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Can caricatures really produce distinctiveness effects?

Stevenage, Sarah V. (1995) Can caricatures really produce distinctiveness effects? British Journal of Psychology, 86, pp. 127-146.

Record type: Article

Abstract

It has been shown that humans can remember faces of school mates over an interval of as long as 30 years (Bahrick, Bahrick & Wittlenger, 1975). One thing that may be crucial to the development of such a face capacity is the ability to encode the distinctive elements of a face. That is, the ability to identify the information that distinguishes a target face from some notion of an average face or central tendency. Distinctiveness has a well-documented effect on the ease with which a face is processed. Using faces that vary naturally in distinctiveness, it has been shown that the more atypical a face is the more likely it is to be correctly identified and the less likely it is to be mistakenly identified (Bartlett, Hurry & Thorley, 1984; Goldstein & Chance, 1981; Light, Kayra-Stuart & Hollander, 1979; Shepherd, Gibling & Ellis, 1991; Valentine & Bruce, 1986a; Winograd, 1981). Facial distinctiveness appears to confer a recognition advantage in such face recognition tasks.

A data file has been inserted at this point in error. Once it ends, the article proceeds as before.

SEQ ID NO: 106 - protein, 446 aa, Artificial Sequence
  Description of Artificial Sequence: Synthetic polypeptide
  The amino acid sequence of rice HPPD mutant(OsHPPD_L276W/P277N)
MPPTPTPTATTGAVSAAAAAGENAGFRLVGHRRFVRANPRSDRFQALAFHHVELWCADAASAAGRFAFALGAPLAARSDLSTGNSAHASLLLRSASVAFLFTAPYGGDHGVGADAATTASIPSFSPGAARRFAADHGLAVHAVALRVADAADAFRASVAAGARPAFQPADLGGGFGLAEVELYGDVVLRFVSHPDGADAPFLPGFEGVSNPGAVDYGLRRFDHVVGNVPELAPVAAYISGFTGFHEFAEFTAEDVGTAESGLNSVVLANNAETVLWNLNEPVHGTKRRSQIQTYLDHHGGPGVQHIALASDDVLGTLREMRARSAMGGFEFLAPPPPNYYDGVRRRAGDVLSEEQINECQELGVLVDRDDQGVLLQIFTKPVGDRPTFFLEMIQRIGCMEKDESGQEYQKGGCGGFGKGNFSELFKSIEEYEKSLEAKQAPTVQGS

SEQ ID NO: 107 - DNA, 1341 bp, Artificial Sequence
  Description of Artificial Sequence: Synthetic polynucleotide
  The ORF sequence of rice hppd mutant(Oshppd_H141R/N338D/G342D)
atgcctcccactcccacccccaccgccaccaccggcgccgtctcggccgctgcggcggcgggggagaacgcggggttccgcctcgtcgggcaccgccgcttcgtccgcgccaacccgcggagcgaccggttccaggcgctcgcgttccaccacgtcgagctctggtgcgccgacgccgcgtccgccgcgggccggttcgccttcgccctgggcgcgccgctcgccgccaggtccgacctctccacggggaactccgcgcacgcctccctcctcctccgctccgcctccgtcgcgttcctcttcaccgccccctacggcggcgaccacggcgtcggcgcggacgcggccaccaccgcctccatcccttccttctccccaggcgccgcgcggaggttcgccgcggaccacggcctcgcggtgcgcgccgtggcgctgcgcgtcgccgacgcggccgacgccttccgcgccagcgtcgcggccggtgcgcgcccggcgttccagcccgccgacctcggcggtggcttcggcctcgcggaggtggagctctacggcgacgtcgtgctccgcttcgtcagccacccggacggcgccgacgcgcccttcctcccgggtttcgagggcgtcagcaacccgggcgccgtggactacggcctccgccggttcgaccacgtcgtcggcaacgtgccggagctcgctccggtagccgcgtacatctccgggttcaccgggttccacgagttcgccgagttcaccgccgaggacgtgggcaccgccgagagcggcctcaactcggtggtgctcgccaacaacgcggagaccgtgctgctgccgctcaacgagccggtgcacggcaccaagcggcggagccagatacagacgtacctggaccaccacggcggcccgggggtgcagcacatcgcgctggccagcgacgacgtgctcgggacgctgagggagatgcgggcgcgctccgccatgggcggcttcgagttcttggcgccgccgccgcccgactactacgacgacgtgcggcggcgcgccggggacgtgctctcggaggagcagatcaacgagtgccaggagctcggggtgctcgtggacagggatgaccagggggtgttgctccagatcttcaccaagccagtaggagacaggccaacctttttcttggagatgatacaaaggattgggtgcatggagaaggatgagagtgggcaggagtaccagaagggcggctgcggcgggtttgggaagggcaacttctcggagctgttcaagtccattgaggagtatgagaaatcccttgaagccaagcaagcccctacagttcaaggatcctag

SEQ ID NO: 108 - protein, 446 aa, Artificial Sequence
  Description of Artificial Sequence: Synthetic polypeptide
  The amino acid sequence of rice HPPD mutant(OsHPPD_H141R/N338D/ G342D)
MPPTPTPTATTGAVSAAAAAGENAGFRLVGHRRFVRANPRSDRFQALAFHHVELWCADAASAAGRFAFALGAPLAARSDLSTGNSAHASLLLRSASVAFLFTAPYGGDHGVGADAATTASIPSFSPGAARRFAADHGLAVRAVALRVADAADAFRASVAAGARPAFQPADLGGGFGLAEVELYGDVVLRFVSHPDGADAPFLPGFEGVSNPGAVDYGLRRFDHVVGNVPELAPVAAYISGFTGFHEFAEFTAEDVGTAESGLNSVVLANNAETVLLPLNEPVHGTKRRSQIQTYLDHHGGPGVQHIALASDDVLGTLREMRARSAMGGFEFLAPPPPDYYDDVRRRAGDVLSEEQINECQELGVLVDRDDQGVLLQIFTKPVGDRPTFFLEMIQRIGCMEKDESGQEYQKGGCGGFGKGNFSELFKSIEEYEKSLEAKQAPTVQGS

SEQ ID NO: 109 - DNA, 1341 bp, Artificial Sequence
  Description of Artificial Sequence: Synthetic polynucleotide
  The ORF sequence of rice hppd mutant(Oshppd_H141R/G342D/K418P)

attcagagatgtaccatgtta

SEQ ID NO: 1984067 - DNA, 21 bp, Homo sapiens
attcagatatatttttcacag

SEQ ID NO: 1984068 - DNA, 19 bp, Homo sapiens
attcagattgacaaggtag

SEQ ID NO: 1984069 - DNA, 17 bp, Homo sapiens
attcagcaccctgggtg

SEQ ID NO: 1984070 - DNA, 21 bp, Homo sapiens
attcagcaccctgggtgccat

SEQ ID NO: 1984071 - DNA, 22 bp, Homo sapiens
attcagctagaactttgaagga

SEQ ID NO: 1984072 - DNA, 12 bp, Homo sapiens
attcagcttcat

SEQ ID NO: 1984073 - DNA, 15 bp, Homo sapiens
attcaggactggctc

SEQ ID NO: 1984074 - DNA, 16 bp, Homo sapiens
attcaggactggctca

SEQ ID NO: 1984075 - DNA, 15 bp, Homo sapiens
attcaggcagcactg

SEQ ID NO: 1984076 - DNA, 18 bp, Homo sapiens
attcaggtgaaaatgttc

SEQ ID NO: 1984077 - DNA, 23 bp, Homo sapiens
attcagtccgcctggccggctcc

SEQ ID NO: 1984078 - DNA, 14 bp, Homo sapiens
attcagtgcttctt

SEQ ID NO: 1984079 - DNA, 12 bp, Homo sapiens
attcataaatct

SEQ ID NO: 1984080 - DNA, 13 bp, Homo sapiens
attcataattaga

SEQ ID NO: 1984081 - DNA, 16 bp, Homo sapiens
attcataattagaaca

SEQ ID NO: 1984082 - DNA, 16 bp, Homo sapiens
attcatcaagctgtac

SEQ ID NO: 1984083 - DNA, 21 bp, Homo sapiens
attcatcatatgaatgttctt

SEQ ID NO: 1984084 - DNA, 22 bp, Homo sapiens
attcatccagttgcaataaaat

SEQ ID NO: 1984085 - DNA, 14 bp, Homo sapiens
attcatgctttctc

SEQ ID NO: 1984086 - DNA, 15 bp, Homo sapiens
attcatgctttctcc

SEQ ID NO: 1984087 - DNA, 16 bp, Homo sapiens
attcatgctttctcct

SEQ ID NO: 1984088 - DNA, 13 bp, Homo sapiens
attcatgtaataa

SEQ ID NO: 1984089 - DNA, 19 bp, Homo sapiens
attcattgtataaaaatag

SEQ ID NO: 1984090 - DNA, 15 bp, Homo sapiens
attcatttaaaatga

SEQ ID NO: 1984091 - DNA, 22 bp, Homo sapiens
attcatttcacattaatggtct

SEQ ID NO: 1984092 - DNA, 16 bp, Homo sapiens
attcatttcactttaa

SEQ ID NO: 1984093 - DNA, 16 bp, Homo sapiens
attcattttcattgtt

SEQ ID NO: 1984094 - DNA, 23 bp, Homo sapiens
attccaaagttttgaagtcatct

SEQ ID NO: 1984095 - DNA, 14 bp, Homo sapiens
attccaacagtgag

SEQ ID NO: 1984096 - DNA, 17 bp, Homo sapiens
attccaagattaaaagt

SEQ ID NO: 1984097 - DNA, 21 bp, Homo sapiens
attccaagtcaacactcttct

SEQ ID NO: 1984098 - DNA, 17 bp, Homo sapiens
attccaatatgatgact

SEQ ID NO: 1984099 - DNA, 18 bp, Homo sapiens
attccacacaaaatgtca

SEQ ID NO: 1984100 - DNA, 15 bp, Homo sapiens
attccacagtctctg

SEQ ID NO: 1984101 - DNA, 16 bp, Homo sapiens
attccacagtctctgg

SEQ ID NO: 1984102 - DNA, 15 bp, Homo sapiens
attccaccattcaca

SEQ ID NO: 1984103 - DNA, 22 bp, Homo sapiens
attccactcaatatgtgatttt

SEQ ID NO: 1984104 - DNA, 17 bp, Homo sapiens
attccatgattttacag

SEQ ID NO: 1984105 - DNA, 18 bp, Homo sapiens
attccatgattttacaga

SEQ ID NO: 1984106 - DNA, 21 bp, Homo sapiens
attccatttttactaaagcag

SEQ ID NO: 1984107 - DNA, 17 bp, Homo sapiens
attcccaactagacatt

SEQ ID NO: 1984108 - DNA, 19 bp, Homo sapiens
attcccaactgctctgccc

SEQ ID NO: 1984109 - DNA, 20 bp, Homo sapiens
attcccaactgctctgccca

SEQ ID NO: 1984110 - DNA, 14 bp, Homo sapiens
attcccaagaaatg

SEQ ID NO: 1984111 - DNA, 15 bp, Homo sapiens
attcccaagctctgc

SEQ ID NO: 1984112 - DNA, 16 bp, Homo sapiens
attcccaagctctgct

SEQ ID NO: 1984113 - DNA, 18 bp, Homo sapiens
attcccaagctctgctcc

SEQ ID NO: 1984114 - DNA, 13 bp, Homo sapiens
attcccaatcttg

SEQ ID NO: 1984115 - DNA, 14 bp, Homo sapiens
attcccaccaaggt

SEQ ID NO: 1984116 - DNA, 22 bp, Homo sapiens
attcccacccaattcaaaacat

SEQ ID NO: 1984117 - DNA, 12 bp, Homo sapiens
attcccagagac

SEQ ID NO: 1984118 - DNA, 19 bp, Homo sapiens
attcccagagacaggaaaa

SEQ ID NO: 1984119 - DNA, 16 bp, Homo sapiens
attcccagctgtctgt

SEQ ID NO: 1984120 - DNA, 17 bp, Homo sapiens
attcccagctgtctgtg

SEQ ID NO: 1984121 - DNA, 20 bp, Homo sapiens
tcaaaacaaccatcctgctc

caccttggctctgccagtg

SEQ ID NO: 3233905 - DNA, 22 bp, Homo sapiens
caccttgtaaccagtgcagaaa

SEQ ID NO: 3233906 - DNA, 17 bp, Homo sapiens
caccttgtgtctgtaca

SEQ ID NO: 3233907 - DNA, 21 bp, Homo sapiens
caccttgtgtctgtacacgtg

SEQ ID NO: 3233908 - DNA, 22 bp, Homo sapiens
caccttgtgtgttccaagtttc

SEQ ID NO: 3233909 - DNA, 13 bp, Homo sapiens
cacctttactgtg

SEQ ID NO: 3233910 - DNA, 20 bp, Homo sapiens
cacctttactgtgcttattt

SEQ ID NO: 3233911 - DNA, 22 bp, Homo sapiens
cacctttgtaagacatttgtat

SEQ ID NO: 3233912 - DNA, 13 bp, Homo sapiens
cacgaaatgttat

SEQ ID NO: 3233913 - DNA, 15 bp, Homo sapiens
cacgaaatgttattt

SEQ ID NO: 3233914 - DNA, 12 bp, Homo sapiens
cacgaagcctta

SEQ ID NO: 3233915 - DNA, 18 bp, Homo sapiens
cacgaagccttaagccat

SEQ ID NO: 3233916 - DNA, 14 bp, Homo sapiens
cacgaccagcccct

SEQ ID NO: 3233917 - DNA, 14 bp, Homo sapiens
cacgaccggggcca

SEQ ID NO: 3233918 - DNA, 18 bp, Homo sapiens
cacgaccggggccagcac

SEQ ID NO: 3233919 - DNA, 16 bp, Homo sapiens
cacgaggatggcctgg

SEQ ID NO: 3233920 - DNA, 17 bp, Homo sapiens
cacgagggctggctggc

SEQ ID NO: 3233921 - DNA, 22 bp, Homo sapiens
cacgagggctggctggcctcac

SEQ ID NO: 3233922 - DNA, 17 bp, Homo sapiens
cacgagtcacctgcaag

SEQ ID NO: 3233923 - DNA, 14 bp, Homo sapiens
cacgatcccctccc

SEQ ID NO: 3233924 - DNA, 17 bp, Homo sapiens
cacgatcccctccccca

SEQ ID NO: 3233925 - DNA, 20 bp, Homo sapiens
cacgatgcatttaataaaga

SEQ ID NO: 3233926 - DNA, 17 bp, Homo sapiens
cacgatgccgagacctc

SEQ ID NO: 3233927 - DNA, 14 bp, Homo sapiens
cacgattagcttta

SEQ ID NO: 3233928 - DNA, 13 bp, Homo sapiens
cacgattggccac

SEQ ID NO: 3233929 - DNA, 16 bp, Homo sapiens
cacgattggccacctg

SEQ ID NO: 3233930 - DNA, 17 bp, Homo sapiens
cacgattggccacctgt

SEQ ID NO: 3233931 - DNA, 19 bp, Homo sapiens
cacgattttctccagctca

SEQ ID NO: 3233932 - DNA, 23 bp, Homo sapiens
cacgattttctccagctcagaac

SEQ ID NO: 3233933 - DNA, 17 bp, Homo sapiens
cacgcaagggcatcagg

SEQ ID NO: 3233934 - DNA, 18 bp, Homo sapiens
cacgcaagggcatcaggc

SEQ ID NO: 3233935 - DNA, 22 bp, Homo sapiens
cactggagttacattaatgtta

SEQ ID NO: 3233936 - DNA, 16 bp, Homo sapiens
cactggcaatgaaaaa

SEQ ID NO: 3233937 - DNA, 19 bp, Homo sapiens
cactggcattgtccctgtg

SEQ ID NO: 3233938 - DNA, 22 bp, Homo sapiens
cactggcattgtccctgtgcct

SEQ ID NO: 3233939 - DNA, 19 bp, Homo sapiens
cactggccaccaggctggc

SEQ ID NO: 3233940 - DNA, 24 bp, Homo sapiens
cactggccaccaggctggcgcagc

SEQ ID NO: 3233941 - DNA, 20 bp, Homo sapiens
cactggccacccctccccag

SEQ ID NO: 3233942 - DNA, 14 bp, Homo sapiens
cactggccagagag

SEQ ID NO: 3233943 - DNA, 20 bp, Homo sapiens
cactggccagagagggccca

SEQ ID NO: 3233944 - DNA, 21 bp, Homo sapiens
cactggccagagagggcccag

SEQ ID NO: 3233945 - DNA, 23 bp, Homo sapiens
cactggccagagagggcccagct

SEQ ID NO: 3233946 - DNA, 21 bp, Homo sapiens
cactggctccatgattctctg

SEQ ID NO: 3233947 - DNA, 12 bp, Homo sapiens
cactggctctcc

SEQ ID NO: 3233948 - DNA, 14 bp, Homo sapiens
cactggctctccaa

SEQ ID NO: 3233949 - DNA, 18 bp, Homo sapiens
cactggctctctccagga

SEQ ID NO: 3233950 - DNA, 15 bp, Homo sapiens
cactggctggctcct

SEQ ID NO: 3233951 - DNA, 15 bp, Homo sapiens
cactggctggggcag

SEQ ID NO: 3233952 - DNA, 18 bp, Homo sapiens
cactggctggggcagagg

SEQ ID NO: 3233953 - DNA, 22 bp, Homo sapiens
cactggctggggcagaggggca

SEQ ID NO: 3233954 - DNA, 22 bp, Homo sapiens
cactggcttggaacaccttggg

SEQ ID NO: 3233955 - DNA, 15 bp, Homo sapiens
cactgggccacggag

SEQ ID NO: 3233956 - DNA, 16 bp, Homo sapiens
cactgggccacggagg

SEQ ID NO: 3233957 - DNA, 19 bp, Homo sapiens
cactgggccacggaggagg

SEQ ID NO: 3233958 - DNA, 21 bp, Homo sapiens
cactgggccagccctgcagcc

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Published date: 1995

Identifiers

Local EPrints ID: 18618
URI: http://eprints.soton.ac.uk/id/eprint/18618
ISSN: 0007-1269
PURE UUID: 5e649b77-aff3-4094-9c2c-1ca0a1adb4b1
ORCID for Sarah V. Stevenage: ORCID iD orcid.org/0000-0003-4155-2939

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Date deposited: 30 Nov 2005
Last modified: 17 Jul 2017 16:35

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